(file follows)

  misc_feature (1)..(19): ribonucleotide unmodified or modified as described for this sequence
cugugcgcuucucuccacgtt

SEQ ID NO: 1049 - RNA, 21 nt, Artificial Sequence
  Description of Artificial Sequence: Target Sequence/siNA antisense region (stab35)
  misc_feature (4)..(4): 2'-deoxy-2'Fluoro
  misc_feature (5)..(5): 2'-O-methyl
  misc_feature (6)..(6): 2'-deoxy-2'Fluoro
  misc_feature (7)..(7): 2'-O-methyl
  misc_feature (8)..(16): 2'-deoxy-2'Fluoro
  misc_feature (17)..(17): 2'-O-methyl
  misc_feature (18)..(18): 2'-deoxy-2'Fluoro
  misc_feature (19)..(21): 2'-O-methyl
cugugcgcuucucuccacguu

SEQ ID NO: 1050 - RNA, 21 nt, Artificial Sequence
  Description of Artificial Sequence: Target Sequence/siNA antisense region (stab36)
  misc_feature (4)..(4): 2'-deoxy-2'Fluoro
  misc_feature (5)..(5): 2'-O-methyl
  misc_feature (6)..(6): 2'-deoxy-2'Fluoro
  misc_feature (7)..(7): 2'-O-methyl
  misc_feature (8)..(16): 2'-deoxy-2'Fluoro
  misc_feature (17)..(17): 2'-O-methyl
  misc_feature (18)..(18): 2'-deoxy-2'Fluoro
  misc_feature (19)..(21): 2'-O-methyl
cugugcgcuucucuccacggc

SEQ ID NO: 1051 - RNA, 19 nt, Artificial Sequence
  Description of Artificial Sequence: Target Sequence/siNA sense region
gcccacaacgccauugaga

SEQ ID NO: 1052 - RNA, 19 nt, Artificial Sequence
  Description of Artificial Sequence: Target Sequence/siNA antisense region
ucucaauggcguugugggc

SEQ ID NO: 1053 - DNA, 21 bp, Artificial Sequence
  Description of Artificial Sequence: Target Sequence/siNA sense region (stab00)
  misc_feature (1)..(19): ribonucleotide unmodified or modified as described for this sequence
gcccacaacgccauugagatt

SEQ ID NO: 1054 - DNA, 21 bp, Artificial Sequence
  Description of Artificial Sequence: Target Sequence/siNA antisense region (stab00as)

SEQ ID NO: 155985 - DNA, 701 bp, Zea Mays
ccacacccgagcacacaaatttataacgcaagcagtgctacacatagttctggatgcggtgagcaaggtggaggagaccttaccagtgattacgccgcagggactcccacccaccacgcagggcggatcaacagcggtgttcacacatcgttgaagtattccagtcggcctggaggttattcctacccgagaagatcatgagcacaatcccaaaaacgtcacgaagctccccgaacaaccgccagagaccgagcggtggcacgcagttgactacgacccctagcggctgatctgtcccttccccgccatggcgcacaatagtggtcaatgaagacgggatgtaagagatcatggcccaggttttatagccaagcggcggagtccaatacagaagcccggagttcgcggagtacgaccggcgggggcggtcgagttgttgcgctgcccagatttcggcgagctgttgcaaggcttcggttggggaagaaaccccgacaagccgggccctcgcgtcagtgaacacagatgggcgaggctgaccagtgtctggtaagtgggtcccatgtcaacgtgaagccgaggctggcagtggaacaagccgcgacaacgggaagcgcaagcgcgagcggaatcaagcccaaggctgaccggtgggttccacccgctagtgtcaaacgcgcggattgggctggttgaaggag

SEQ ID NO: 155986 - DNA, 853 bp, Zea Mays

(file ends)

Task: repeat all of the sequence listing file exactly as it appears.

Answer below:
  misc_feature (1)..(19): ribonucleotide unmodified or modified as described for this sequence
cugugcgcuucucuccacgtt

SEQ ID NO: 1049 - RNA, 21 nt, Artificial Sequence
  Description of Artificial Sequence: Target Sequence/siNA antisense region (stab35)
  misc_feature (4)..(4): 2'-deoxy-2'Fluoro
  misc_feature (5)..(5): 2'-O-methyl
  misc_feature (6)..(6): 2'-deoxy-2'Fluoro
  misc_feature (7)..(7): 2'-O-methyl
  misc_feature (8)..(16): 2'-deoxy-2'Fluoro
  misc_feature (17)..(17): 2'-O-methyl
  misc_feature (18)..(18): 2'-deoxy-2'Fluoro
  misc_feature (19)..(21): 2'-O-methyl
cugugcgcuucucuccacguu

SEQ ID NO: 1050 - RNA, 21 nt, Artificial Sequence
  Description of Artificial Sequence: Target Sequence/siNA antisense region (stab36)
  misc_feature (4)..(4): 2'-deoxy-2'Fluoro
  misc_feature (5)..(5): 2'-O-methyl
  misc_feature (6)..(6): 2'-deoxy-2'Fluoro
  misc_feature (7)..(7): 2'-O-methyl
  misc_feature (8)..(16): 2'-deoxy-2'Fluoro
  misc_feature (17)..(17): 2'-O-methyl
  misc_feature (18)..(18): 2'-deoxy-2'Fluoro
  misc_feature (19)..(21): 2'-O-methyl
cugugcgcuucucuccacggc

SEQ ID NO: 1051 - RNA, 19 nt, Artificial Sequence
  Description of Artificial Sequence: Target Sequence/siNA sense region
gcccacaacgccauugaga

SEQ ID NO: 1052 - RNA, 19 nt, Artificial Sequence
  Description of Artificial Sequence: Target Sequence/siNA antisense region
ucucaauggcguugugggc

SEQ ID NO: 1053 - DNA, 21 bp, Artificial Sequence
  Description of Artificial Sequence: Target Sequence/siNA sense region (stab00)
  misc_feature (1)..(19): ribonucleotide unmodified or modified as described for this sequence
gcccacaacgccauugagatt

SEQ ID NO: 1054 - DNA, 21 bp, Artificial Sequence
  Description of Artificial Sequence: Target Sequence/siNA antisense region (stab00as)

SEQ ID NO: 155985 - DNA, 701 bp, Zea Mays
ccacacccgagcacacaaatttataacgcaagcagtgctacacatagttctggatgcggtgagcaaggtggaggagaccttaccagtgattacgccgcagggactcccacccaccacgcagggcggatcaacagcggtgttcacacatcgttgaagtattccagtcggcctggaggttattcctacccgagaagatcatgagcacaatcccaaaaacgtcacgaagctccccgaacaaccgccagagaccgagcggtggcacgcagttgactacgacccctagcggctgatctgtcccttccccgccatggcgcacaatagtggtcaatgaagacgggatgtaagagatcatggcccaggttttatagccaagcggcggagtccaatacagaagcccggagttcgcggagtacgaccggcgggggcggtcgagttgttgcgctgcccagatttcggcgagctgttgcaaggcttcggttggggaagaaaccccgacaagccgggccctcgcgtcagtgaacacagatgggcgaggctgaccagtgtctggtaagtgggtcccatgtcaacgtgaagccgaggctggcagtggaacaagccgcgacaacgggaagcgcaagcgcgagcggaatcaagcccaaggctgaccggtgggttccacccgctagtgtcaaacgcgcggattgggctggttgaaggag

SEQ ID NO: 155986 - DNA, 853 bp, Zea Mays